Trading with the Union Soldiers

NH Civil War Gal

1st Lieutenant
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From the "Rebel Reefer" circa 1862

There was a mystery as to the way in which privates would come to a tacit agreement with the enemy about not doing any sniping on certain parts on the line. I knew of one stretch of breastworks where our men could expose themselves with perfect impunity up to a spot on which stood an empty barrel, and on the other side of that barrel, if a man showed an old hat on the end of a ramrod, it was instantly perforated with bullets.

The Union soldiers craved tobacco of which the Southerners had an abundance and the "grayback" longed for coffee or sugar. At some points on the line trading in these commodities went on briskly without the knowledge of the officers. Their dealings were strictly honorable. A man, say from the Southern side, would creep outside the works, and when he reached a certain stump he would place a couple of large plugs of tobacco on it and then return to his companions. After a time he would again creep to the stump to find that his tobacco was gone, but in its place was a small quantity of the longed-for coffee and sugar. We always carried one or two long plugs of tobacco in our inside breast pockets, as it was a common belief that if a man was captured and had tobacco it would insure him good treatment.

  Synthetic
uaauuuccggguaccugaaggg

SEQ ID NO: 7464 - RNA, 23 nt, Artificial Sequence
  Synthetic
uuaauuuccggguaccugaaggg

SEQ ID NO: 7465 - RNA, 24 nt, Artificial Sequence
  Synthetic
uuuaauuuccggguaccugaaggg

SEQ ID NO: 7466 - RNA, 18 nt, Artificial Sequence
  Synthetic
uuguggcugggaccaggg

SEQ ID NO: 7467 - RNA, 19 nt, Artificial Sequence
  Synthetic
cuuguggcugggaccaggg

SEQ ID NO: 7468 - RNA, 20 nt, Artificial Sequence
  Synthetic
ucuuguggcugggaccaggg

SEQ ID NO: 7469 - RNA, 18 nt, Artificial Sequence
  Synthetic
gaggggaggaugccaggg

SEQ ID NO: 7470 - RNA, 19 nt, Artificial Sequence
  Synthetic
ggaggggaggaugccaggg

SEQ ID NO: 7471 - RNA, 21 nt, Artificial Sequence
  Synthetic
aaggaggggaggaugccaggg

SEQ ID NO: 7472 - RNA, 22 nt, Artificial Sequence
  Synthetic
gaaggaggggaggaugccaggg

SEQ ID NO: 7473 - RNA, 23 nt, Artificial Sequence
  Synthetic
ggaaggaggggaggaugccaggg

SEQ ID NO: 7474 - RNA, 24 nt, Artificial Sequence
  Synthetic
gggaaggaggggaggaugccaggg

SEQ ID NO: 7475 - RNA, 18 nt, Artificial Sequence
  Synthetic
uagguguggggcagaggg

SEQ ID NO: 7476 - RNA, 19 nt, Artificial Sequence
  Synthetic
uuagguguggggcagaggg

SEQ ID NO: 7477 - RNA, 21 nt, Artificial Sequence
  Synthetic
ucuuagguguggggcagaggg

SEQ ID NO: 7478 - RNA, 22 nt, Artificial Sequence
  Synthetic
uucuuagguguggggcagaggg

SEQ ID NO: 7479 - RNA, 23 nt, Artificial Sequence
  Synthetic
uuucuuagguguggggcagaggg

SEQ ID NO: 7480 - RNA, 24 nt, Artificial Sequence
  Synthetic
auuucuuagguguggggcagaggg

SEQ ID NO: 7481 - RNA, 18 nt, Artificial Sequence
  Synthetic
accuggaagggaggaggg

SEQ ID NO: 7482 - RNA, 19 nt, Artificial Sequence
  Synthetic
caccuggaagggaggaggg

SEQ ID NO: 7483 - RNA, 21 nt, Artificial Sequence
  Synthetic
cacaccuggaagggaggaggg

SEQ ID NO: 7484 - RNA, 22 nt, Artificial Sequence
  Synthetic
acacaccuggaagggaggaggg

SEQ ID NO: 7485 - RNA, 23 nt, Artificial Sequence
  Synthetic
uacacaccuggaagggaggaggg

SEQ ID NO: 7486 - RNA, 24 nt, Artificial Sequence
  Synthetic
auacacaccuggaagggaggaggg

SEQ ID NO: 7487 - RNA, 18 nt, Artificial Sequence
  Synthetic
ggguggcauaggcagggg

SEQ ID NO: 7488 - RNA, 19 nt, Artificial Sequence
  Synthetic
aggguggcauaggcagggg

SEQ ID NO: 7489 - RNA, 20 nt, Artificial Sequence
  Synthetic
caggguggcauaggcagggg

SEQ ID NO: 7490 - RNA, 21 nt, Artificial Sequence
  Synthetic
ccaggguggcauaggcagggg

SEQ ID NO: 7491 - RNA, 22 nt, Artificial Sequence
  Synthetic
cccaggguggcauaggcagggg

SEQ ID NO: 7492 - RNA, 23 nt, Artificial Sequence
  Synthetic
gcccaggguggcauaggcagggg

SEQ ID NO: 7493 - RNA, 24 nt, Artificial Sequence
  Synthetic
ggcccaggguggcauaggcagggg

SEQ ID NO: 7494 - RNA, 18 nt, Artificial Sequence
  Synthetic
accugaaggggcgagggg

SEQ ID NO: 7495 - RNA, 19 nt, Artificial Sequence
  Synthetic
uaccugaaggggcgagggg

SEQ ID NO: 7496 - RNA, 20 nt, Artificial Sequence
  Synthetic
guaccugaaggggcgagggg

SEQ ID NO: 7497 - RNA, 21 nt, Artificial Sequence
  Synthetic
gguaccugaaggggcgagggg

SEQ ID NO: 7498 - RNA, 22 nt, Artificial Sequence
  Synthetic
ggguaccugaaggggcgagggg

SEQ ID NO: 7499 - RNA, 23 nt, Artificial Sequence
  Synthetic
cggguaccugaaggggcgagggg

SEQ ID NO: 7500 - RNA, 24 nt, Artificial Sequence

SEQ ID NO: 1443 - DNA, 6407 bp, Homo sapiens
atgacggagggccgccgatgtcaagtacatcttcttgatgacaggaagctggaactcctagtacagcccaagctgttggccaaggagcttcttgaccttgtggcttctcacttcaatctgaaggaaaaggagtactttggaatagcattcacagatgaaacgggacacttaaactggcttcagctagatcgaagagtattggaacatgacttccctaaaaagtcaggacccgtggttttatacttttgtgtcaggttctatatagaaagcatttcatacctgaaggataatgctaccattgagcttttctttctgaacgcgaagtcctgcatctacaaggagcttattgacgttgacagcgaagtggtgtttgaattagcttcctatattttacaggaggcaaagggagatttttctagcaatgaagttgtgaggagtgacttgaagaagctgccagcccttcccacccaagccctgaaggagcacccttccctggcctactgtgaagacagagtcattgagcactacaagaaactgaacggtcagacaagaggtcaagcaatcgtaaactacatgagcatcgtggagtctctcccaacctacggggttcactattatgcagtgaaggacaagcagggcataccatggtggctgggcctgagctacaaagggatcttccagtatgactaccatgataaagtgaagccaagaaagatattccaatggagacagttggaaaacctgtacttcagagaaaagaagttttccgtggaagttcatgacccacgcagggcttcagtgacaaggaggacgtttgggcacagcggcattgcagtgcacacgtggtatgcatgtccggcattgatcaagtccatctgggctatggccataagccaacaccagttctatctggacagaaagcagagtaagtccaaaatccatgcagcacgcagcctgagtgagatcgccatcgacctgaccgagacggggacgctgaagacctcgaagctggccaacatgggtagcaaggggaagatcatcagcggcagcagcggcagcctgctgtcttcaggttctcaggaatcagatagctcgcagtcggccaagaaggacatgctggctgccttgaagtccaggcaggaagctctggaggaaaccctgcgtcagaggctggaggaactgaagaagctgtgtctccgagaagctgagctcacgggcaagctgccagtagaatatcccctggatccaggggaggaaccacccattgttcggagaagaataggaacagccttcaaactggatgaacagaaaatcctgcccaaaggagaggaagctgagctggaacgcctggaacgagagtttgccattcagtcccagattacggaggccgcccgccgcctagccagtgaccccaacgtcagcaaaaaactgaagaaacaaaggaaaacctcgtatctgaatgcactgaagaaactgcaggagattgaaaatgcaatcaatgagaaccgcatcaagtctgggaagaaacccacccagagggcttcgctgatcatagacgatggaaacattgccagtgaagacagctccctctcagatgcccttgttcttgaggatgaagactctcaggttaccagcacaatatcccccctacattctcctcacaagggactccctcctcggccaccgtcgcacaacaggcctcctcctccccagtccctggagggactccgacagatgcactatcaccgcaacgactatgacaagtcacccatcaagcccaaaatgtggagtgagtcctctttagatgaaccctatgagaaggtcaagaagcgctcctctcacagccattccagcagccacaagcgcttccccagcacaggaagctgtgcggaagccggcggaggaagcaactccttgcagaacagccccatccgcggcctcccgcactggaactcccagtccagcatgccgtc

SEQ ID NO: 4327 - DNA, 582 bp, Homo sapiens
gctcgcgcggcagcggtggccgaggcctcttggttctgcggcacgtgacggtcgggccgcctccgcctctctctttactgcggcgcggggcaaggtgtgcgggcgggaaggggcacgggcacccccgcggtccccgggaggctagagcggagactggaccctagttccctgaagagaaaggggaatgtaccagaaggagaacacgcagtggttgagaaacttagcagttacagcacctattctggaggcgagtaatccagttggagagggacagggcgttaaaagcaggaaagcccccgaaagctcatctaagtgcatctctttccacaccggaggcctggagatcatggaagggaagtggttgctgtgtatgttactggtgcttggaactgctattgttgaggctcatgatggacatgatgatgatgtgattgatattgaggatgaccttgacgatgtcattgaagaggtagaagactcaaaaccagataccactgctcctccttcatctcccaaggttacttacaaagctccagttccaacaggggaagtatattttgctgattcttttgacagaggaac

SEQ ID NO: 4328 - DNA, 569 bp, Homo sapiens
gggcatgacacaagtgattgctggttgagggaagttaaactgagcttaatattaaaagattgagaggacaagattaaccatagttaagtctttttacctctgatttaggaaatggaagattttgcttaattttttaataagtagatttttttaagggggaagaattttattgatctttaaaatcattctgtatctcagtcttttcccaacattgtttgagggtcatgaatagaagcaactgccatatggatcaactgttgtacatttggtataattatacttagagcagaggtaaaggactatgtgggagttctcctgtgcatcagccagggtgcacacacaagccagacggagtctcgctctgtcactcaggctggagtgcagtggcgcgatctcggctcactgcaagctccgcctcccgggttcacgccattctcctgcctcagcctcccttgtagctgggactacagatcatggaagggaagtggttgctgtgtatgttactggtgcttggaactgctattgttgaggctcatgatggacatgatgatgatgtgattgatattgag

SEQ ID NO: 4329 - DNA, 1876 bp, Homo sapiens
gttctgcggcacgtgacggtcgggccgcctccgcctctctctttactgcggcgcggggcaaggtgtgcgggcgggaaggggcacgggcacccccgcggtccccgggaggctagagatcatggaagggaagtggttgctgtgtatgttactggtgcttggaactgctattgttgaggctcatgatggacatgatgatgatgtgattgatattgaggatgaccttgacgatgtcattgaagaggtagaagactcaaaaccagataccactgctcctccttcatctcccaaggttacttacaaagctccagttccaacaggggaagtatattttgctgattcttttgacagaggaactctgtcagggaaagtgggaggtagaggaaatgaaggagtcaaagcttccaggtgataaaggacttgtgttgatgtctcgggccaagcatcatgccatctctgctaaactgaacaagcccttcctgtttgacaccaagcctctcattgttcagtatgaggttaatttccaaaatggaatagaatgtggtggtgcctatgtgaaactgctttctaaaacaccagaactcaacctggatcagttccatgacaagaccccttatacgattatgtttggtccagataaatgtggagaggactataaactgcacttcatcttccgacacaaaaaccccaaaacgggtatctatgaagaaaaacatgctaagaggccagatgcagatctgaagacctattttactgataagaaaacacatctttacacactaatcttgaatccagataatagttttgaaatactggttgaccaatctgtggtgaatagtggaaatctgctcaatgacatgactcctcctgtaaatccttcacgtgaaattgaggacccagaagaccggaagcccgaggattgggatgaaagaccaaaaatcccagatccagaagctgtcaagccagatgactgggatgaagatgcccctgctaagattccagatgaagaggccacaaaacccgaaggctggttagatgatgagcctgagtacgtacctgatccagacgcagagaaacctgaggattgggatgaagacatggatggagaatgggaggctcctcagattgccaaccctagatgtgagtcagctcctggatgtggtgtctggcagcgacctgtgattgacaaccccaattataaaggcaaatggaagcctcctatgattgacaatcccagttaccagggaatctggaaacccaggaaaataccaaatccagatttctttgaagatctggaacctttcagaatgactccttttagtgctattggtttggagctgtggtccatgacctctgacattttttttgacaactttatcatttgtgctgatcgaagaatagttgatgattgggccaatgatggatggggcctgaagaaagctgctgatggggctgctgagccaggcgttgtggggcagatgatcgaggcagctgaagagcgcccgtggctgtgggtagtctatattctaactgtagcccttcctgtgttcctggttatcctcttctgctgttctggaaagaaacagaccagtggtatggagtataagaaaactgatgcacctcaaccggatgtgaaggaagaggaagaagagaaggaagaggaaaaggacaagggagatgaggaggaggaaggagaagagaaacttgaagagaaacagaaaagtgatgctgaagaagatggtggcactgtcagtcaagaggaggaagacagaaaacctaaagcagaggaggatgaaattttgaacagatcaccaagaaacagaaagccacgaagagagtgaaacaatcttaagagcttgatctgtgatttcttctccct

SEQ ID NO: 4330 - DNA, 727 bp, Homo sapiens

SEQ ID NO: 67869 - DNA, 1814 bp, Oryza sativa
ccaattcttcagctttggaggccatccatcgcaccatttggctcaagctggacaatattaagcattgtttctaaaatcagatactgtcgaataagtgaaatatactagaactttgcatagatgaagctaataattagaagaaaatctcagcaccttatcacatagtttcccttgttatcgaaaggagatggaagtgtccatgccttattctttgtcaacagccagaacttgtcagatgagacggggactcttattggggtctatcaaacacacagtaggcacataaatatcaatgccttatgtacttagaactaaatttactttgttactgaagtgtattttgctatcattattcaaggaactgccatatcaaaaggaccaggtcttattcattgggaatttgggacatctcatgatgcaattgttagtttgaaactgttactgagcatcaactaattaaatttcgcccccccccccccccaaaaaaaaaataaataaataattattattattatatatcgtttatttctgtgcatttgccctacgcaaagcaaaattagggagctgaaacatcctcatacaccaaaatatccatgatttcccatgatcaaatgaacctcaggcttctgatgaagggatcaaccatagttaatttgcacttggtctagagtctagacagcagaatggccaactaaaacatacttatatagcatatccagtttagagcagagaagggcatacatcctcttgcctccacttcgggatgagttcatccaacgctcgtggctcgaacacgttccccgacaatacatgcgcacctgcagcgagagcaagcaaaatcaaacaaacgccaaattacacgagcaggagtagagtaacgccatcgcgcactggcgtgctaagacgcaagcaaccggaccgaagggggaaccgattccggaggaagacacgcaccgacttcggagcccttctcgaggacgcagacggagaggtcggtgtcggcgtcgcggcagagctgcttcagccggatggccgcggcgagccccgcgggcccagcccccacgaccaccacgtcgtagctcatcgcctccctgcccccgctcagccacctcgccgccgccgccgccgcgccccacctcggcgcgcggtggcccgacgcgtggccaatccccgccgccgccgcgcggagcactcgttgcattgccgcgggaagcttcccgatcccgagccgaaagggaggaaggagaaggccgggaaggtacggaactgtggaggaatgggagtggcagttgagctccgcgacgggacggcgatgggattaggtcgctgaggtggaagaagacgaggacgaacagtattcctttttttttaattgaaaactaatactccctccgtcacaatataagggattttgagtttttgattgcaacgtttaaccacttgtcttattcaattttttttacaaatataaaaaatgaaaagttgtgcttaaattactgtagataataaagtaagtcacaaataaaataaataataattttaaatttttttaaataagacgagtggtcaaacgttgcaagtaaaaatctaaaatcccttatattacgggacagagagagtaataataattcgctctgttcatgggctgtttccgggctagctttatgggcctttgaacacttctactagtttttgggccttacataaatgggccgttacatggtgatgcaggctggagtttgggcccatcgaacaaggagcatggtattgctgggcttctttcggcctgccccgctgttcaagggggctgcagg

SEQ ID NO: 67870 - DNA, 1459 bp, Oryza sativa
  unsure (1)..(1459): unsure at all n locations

One foggy night I was on duty and had visited our outposts. While returning to the battery on a path close to the riverside, I distinctly heard oars slapping the water -- the rowlocks were evidently muffled. Although I could not see the boat I felt that it must be very near the shore, and I hailed it with a "Boat ahoy! Keep farther out in the stream!" The answer came back: "We don't do any picket firing on this line." I told the spokesman that I knew that, but we didn't want him to bunk with us, and hardly were the words out of my mouth when the bow of the boat was rammed into the mud at my feet. I felt sure my time had come, and hastily jerked my pistol out of the holster intending to fire so as to give the alarm, when I heard a voice say, "For the love of Mike, Johnny, give me a chew of tobacco." The tone was so pleading and earnest that I could not resist it and handed the fellow my plug. In return he gave me a canteen full of whiskey. We entered into conversation, and I discovered that he was an old classmate of my from Annapolis who had "bilged" and was now a master's mate in charge of a picket boat whose duty was to give warning if our ironclads descended the river. I warned him about the folly of his act, and he shoved out into the stream and disappeared forever out of my life. When I produced my canteen before my messmates they fairly went wild with joy, but nothing ever could induce me to tell how I had come into possession of the liquor.
 

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